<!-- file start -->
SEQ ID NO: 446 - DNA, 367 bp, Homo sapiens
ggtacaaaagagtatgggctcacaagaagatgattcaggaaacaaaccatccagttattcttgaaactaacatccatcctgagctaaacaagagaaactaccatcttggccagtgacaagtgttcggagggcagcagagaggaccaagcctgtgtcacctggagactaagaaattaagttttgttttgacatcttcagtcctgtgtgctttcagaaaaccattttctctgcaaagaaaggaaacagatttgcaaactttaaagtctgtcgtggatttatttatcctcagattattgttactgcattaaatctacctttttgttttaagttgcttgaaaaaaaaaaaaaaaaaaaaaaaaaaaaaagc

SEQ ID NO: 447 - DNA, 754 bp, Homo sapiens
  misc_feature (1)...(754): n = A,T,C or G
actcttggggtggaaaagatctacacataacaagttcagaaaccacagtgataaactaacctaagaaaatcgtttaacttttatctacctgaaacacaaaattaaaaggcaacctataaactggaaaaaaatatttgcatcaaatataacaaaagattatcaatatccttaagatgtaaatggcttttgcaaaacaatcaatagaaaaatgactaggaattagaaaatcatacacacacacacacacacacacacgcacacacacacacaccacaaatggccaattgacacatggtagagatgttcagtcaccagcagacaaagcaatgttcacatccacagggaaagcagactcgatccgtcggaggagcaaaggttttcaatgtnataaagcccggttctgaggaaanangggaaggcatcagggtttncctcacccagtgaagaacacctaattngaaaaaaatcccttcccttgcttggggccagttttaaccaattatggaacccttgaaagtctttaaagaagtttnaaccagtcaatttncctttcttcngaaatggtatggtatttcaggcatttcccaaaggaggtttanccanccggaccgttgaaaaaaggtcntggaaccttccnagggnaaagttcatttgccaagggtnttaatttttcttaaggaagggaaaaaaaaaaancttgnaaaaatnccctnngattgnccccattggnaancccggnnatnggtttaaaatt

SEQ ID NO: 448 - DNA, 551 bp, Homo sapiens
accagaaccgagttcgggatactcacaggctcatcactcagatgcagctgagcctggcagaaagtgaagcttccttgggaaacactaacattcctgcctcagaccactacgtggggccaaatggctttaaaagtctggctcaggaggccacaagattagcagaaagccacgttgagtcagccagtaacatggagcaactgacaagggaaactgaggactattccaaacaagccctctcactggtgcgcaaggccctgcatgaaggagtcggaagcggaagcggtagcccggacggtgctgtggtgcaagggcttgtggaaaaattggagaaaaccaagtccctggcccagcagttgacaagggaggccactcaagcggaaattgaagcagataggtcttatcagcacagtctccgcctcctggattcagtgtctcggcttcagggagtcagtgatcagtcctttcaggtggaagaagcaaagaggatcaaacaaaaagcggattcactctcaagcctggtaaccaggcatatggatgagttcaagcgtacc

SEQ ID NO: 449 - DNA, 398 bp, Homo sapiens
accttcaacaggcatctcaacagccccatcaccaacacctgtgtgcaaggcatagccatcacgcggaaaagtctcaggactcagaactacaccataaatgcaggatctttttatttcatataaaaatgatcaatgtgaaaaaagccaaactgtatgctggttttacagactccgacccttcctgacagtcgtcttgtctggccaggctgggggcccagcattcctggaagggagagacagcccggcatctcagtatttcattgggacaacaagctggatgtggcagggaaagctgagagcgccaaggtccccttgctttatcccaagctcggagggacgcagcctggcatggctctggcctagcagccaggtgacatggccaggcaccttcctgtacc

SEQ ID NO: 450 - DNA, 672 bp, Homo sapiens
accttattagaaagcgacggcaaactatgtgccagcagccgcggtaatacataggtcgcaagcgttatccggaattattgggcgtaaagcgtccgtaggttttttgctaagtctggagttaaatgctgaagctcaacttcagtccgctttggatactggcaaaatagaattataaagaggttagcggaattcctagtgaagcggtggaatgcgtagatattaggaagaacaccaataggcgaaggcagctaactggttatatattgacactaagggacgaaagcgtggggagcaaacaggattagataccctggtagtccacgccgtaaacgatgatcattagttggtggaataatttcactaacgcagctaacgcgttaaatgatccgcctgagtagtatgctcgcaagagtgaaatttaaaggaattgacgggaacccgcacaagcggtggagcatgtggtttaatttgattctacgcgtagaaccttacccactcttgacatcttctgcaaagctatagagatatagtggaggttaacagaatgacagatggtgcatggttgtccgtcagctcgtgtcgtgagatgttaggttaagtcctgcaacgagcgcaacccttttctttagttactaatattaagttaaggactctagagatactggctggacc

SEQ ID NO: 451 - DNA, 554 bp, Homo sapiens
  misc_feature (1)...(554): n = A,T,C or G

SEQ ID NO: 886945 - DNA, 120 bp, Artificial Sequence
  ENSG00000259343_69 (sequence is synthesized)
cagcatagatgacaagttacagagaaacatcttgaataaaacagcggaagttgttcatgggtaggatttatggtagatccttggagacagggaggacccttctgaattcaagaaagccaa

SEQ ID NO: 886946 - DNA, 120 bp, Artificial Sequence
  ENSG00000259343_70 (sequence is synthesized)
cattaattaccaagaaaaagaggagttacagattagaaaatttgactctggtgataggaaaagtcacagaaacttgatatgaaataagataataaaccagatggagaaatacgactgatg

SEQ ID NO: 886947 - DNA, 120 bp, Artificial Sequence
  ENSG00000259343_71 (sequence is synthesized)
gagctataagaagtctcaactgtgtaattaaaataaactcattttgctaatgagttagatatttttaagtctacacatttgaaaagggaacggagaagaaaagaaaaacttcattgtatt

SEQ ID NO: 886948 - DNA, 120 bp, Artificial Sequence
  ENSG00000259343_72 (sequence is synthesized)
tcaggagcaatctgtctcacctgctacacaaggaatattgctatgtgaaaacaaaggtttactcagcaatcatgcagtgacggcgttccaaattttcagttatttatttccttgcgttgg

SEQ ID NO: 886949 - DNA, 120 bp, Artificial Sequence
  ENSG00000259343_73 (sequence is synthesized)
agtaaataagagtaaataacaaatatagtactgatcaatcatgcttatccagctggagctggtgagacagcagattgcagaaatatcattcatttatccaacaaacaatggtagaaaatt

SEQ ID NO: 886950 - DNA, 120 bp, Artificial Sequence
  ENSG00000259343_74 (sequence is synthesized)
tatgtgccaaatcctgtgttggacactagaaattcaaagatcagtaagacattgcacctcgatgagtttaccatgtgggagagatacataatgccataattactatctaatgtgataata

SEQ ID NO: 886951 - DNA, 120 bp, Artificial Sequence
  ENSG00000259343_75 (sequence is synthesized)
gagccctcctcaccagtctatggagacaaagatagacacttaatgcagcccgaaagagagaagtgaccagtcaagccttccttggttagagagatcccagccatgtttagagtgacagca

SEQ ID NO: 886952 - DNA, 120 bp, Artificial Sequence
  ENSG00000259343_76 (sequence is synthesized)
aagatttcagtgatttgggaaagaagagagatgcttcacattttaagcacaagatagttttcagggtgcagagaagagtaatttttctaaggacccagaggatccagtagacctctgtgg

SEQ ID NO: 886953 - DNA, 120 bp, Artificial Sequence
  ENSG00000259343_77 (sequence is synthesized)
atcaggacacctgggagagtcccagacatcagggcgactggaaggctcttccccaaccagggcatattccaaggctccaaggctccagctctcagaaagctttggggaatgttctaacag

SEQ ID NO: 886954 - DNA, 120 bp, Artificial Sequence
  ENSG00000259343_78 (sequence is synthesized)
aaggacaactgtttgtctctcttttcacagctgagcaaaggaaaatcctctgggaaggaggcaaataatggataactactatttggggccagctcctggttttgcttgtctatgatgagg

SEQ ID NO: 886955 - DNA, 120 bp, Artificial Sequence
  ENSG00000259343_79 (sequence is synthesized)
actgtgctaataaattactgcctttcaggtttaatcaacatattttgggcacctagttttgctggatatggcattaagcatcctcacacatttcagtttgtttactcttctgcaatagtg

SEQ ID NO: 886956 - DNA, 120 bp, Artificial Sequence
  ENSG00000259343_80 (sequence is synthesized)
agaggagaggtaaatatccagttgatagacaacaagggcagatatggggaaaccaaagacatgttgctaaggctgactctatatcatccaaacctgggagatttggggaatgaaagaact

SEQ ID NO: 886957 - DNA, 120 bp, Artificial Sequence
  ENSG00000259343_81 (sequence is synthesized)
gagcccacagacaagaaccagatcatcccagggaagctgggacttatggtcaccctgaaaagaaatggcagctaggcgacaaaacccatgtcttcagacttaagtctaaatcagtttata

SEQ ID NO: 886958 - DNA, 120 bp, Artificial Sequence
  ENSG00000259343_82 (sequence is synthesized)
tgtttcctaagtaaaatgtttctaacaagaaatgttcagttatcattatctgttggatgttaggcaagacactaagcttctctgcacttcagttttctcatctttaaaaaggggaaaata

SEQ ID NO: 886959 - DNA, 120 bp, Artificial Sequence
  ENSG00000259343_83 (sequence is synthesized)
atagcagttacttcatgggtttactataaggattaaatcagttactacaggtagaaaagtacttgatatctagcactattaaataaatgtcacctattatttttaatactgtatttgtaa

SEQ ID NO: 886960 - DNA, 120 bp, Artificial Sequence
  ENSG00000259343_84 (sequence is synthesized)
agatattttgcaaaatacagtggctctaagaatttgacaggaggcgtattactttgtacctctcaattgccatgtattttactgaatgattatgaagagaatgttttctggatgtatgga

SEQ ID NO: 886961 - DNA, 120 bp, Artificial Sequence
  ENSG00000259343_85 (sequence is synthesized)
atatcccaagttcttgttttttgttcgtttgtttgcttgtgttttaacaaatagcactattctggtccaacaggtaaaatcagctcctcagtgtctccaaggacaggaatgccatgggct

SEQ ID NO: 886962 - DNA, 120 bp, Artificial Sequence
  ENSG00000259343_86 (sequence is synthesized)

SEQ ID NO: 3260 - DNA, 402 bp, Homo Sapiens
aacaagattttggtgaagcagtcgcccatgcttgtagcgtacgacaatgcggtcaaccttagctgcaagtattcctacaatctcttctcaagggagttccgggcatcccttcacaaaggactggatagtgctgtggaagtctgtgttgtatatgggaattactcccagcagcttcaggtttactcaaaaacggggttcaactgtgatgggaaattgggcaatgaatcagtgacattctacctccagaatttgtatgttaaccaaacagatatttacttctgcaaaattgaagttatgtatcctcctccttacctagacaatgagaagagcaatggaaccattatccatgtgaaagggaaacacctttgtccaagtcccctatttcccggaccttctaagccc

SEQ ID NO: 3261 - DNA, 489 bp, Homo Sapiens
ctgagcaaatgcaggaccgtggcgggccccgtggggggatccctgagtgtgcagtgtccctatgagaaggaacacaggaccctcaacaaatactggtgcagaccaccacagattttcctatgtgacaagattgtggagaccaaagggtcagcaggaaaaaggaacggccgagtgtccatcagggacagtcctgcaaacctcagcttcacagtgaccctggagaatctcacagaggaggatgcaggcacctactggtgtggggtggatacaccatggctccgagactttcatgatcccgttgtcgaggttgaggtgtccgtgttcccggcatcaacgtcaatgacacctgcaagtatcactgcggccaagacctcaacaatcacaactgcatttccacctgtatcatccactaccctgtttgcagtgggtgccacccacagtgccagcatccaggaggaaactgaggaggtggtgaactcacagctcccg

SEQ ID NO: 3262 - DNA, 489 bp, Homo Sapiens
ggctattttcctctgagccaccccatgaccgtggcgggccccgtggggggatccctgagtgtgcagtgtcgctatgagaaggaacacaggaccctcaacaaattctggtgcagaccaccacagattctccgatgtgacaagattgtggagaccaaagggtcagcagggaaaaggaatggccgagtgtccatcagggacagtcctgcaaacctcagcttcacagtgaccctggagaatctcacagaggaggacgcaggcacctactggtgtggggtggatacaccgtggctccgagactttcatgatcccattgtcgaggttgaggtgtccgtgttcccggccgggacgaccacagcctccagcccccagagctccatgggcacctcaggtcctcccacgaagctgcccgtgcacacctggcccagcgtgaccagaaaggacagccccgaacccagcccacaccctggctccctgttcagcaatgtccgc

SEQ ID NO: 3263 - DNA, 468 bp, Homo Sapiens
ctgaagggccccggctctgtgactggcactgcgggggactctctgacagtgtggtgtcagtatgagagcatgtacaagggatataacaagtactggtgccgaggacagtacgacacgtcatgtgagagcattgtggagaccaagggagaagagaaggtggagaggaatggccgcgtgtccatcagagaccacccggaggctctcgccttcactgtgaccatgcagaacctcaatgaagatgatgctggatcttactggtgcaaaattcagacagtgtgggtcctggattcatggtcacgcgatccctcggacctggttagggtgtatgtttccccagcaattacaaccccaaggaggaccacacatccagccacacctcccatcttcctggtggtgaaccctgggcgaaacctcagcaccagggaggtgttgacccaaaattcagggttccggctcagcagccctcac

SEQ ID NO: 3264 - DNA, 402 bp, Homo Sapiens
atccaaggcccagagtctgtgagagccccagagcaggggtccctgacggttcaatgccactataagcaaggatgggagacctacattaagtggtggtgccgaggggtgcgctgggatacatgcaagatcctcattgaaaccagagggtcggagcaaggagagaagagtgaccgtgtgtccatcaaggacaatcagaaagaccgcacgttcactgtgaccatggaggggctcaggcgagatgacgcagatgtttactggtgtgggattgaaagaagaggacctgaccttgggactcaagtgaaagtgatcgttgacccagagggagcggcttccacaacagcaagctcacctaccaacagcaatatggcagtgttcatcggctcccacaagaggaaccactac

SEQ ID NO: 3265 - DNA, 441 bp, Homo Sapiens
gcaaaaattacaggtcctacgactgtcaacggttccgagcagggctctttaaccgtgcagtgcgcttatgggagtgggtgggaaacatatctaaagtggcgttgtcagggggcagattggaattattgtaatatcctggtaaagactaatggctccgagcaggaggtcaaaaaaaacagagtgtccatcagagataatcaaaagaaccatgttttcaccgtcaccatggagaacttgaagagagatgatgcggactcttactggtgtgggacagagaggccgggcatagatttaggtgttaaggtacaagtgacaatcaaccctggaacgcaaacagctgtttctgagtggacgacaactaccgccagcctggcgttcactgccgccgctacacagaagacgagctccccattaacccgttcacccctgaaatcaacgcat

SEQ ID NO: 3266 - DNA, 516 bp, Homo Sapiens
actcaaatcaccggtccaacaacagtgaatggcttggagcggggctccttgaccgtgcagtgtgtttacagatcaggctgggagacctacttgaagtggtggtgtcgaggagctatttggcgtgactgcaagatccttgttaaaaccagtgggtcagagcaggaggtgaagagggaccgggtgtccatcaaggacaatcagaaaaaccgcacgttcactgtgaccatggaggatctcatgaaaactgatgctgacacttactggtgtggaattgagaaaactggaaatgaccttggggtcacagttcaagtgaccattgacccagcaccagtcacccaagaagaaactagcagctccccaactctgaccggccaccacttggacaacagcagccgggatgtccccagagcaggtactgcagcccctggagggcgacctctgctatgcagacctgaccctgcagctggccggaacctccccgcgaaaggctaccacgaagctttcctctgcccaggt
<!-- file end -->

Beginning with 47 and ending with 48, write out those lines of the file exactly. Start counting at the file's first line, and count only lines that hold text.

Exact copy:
SEQ ID NO: 886956 - DNA, 120 bp, Artificial Sequence
  ENSG00000259343_80 (sequence is synthesized)